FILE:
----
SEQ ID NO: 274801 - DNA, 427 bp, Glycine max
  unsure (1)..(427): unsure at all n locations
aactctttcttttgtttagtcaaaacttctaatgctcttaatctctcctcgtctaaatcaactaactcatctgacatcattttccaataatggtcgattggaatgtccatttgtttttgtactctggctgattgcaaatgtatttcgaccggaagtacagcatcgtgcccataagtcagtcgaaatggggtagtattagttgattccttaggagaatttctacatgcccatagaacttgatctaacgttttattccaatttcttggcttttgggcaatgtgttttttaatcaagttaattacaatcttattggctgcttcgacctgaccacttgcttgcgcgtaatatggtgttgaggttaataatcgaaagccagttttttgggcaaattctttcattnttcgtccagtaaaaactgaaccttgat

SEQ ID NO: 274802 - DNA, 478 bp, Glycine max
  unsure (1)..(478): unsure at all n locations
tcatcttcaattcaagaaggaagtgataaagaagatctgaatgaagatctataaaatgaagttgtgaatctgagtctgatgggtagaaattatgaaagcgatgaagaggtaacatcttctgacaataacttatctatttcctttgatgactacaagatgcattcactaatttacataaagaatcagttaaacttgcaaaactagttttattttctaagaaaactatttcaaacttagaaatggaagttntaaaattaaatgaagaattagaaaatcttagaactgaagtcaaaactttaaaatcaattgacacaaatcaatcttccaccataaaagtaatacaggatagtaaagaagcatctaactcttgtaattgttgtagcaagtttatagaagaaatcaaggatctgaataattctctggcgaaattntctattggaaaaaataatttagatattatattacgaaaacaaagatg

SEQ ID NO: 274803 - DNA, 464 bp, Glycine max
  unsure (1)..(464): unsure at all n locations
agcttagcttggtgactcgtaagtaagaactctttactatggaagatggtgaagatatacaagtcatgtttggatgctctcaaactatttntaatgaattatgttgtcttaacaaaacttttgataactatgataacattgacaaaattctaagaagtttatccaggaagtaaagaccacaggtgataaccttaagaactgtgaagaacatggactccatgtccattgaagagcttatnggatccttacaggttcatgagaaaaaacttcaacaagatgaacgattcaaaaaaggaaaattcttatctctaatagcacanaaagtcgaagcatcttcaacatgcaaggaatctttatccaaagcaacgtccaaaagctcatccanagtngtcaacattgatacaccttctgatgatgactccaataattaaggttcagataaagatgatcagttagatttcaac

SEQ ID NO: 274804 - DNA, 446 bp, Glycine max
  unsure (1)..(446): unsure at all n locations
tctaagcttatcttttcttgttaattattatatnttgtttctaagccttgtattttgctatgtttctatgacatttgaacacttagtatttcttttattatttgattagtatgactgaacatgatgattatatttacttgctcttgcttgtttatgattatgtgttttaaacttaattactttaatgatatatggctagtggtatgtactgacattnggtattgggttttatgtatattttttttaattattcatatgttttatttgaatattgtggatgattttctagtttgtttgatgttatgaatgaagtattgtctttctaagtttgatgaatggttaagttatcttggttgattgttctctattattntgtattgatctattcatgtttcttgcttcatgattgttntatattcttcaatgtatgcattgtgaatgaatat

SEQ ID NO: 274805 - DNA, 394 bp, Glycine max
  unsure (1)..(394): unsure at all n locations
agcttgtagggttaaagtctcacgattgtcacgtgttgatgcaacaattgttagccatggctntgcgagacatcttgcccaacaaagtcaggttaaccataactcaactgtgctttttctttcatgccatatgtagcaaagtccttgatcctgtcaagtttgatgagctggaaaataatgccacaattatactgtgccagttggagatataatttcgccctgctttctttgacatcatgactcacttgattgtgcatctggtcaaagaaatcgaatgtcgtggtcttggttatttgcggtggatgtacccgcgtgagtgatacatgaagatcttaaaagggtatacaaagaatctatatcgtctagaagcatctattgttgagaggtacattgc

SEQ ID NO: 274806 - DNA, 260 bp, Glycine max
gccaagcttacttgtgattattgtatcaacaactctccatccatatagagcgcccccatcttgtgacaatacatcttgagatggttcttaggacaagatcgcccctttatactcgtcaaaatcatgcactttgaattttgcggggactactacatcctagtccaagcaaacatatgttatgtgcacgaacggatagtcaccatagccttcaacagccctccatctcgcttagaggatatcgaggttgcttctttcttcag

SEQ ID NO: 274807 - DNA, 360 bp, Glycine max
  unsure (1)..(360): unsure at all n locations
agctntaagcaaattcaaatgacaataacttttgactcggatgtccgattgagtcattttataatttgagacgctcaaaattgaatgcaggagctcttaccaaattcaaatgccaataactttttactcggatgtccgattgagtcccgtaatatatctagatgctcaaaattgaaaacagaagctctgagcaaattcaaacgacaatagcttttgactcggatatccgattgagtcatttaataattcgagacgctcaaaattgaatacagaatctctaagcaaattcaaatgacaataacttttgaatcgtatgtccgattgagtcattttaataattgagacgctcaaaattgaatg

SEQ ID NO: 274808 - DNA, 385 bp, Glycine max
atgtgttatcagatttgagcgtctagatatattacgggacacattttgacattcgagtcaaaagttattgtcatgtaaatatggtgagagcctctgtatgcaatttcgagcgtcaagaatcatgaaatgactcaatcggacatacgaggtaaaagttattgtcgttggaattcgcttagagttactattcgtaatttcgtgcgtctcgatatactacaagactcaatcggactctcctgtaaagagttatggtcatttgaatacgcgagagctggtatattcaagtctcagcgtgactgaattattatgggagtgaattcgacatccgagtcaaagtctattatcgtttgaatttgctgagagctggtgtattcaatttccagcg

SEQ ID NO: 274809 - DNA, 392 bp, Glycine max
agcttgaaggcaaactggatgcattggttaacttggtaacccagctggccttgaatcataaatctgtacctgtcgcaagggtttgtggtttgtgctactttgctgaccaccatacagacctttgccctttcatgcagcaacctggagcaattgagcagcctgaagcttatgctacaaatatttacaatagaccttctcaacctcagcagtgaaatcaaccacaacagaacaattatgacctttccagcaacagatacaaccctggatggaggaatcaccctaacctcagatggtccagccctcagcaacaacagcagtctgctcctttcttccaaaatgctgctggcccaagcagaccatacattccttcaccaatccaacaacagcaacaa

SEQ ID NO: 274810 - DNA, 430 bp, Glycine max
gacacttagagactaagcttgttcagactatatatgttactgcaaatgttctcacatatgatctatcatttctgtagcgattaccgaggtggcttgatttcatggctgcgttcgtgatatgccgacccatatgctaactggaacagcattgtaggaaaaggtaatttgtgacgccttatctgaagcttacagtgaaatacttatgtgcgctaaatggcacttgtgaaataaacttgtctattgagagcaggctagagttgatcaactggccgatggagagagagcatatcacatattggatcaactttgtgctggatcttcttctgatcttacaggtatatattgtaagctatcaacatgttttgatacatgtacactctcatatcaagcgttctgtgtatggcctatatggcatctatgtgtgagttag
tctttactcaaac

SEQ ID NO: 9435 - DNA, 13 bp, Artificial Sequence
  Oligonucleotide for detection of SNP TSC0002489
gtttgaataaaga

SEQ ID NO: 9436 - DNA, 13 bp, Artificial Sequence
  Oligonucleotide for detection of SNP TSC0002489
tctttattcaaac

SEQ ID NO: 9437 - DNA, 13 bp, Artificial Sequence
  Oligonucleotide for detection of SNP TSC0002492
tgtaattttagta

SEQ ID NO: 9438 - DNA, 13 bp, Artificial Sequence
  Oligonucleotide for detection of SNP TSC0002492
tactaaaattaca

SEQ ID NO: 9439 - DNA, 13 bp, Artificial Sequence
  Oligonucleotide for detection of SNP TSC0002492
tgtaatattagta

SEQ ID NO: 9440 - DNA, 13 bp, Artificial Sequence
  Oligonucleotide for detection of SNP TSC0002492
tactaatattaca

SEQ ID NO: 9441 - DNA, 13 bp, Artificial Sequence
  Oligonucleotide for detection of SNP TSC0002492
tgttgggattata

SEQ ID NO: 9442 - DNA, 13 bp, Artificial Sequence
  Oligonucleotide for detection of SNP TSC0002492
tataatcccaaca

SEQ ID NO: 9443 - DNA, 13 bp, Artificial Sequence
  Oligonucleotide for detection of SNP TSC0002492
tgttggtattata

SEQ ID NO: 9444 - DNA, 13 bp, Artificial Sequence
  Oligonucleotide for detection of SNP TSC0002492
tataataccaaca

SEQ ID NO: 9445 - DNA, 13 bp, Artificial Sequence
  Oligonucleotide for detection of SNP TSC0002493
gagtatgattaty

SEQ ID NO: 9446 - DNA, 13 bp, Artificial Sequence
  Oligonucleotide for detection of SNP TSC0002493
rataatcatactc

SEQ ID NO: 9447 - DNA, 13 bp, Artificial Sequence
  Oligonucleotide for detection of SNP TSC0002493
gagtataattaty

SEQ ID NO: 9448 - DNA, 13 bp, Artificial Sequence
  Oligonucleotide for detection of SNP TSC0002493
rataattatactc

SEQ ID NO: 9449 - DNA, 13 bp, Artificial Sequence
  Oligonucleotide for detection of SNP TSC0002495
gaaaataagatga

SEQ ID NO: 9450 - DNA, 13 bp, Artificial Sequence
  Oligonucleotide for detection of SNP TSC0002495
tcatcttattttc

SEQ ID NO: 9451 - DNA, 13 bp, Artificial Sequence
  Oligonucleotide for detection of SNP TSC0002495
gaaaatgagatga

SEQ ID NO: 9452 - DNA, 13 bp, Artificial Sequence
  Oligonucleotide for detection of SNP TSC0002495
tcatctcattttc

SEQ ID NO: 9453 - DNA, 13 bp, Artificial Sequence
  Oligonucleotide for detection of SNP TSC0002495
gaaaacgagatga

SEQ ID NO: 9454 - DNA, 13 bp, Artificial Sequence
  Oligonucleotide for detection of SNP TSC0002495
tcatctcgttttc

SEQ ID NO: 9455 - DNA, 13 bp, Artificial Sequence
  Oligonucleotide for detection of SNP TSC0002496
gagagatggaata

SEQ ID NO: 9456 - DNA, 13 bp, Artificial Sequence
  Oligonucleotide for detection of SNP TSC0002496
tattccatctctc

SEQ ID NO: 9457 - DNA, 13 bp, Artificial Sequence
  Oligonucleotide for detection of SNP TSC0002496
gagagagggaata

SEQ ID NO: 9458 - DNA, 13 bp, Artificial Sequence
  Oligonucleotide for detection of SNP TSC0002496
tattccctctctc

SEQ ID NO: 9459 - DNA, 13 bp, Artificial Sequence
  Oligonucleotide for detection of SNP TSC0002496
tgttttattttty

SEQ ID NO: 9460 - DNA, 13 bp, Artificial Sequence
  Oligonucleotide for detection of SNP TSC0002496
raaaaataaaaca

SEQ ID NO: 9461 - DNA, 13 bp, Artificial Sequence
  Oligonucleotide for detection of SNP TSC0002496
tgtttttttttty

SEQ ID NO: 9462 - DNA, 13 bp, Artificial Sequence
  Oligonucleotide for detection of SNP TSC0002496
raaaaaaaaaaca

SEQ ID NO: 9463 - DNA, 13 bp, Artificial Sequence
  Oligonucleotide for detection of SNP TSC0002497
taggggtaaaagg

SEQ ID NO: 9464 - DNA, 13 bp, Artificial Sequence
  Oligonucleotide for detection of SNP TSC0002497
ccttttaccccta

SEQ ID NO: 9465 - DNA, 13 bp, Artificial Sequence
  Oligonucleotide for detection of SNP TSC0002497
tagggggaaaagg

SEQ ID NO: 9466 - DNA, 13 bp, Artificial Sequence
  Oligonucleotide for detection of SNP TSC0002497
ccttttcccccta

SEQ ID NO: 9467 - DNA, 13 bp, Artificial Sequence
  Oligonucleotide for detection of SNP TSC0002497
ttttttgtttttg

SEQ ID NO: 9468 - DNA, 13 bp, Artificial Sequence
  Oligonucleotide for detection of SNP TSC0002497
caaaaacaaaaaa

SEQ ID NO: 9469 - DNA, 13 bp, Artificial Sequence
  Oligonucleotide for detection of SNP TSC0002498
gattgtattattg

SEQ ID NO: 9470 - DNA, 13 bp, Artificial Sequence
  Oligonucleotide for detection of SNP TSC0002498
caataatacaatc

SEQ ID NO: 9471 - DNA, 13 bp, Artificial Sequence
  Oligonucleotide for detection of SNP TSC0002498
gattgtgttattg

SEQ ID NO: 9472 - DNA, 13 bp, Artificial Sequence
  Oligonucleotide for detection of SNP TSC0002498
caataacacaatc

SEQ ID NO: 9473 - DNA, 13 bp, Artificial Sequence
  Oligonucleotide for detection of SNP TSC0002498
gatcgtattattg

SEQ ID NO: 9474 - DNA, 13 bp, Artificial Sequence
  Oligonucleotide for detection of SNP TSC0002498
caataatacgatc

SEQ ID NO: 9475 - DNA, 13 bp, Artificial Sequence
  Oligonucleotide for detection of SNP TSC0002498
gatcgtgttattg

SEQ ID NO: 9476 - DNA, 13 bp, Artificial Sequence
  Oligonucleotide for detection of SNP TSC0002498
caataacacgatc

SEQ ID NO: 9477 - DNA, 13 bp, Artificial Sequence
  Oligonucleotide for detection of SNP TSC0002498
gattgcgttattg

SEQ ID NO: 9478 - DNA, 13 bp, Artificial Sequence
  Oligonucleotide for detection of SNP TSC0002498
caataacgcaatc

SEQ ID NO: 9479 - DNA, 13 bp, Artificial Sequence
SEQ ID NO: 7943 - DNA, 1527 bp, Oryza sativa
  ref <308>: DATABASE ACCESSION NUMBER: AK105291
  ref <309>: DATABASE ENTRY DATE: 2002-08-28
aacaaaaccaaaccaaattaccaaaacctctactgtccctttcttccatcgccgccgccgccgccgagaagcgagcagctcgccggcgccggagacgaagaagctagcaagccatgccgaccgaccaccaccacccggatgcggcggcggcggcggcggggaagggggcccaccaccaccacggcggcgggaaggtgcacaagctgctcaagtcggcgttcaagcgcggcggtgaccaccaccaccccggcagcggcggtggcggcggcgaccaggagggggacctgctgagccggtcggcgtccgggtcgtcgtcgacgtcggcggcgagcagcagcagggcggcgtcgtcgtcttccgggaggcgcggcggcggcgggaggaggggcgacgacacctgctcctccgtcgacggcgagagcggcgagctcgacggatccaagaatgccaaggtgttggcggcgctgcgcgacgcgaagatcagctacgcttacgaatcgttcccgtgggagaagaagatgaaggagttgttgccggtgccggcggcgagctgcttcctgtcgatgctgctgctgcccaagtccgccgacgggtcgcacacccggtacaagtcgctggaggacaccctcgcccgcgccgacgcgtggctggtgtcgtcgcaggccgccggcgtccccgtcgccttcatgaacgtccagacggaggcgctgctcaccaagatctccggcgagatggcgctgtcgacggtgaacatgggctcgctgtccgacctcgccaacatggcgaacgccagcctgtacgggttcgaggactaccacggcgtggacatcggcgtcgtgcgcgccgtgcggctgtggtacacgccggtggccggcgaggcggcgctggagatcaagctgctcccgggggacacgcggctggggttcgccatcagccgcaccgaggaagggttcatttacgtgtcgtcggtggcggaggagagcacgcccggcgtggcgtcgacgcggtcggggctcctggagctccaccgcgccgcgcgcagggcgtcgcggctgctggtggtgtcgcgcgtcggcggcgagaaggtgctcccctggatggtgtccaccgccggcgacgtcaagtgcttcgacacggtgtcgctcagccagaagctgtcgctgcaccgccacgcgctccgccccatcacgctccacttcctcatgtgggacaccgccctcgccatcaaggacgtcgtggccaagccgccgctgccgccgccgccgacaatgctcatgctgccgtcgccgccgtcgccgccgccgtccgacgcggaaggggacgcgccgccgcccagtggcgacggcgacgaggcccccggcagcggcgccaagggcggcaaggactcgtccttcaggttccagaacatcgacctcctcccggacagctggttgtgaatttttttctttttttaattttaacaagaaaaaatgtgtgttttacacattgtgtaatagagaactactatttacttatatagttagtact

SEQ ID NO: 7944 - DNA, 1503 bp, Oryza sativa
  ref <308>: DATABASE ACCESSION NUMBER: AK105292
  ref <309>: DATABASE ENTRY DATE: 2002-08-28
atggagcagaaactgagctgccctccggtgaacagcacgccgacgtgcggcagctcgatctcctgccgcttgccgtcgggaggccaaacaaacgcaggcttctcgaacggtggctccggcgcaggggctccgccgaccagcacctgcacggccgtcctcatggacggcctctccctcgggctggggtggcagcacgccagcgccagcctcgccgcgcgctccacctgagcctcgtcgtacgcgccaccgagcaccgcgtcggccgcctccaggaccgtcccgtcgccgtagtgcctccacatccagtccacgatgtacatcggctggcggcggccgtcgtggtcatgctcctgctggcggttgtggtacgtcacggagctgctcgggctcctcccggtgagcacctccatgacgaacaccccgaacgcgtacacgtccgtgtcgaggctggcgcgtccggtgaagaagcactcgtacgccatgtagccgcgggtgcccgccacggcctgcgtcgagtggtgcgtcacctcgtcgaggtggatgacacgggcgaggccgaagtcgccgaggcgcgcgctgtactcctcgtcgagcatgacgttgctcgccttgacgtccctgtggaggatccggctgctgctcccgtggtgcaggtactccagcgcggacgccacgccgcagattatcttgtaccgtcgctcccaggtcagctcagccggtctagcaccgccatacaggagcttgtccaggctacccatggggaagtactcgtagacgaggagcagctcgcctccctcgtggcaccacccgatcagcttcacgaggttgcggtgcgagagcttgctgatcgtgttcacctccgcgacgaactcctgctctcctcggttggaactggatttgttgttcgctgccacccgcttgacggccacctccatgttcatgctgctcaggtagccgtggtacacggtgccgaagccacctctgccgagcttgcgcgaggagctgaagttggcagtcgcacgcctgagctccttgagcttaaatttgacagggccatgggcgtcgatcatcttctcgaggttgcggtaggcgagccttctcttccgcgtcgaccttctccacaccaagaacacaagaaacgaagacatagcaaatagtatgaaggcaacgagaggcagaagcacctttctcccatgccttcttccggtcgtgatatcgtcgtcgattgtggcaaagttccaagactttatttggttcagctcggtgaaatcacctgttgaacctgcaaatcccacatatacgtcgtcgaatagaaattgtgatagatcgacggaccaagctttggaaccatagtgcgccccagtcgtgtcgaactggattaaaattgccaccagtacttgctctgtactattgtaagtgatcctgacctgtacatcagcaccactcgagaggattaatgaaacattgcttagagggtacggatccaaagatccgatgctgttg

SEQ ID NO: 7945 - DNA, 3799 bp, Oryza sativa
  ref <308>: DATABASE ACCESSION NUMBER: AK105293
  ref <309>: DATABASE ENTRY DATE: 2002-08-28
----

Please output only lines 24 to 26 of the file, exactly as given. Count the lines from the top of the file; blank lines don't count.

agcttgaaggcaaactggatgcattggttaacttggtaacccagctggccttgaatcataaatctgtacctgtcgcaagggtttgtggtttgtgctactttgctgaccaccatacagacctttgccctttcatgcagcaacctggagcaattgagcagcctgaagcttatgctacaaatatttacaatagaccttctcaacctcagcagtgaaatcaaccacaacagaacaattatgacctttccagcaacagatacaaccctggatggaggaatcaccctaacctcagatggtccagccctcagcaacaacagcagtctgctcctttcttccaaaatgctgctggcccaagcagaccatacattccttcaccaatccaacaacagcaacaa

SEQ ID NO: 274810 - DNA, 430 bp, Glycine max
gacacttagagactaagcttgttcagactatatatgttactgcaaatgttctcacatatgatctatcatttctgtagcgattaccgaggtggcttgatttcatggctgcgttcgtgatatgccgacccatatgctaactggaacagcattgtaggaaaaggtaatttgtgacgccttatctgaagcttacagtgaaatacttatgtgcgctaaatggcacttgtgaaataaacttgtctattgagagcaggctagagttgatcaactggccgatggagagagagcatatcacatattggatcaactttgtgctggatcttcttctgatcttacaggtatatattgtaagctatcaacatgttttgatacatgtacactctcatatcaagcgttctgtgtatggcctatatggcatctatgtgtgagttag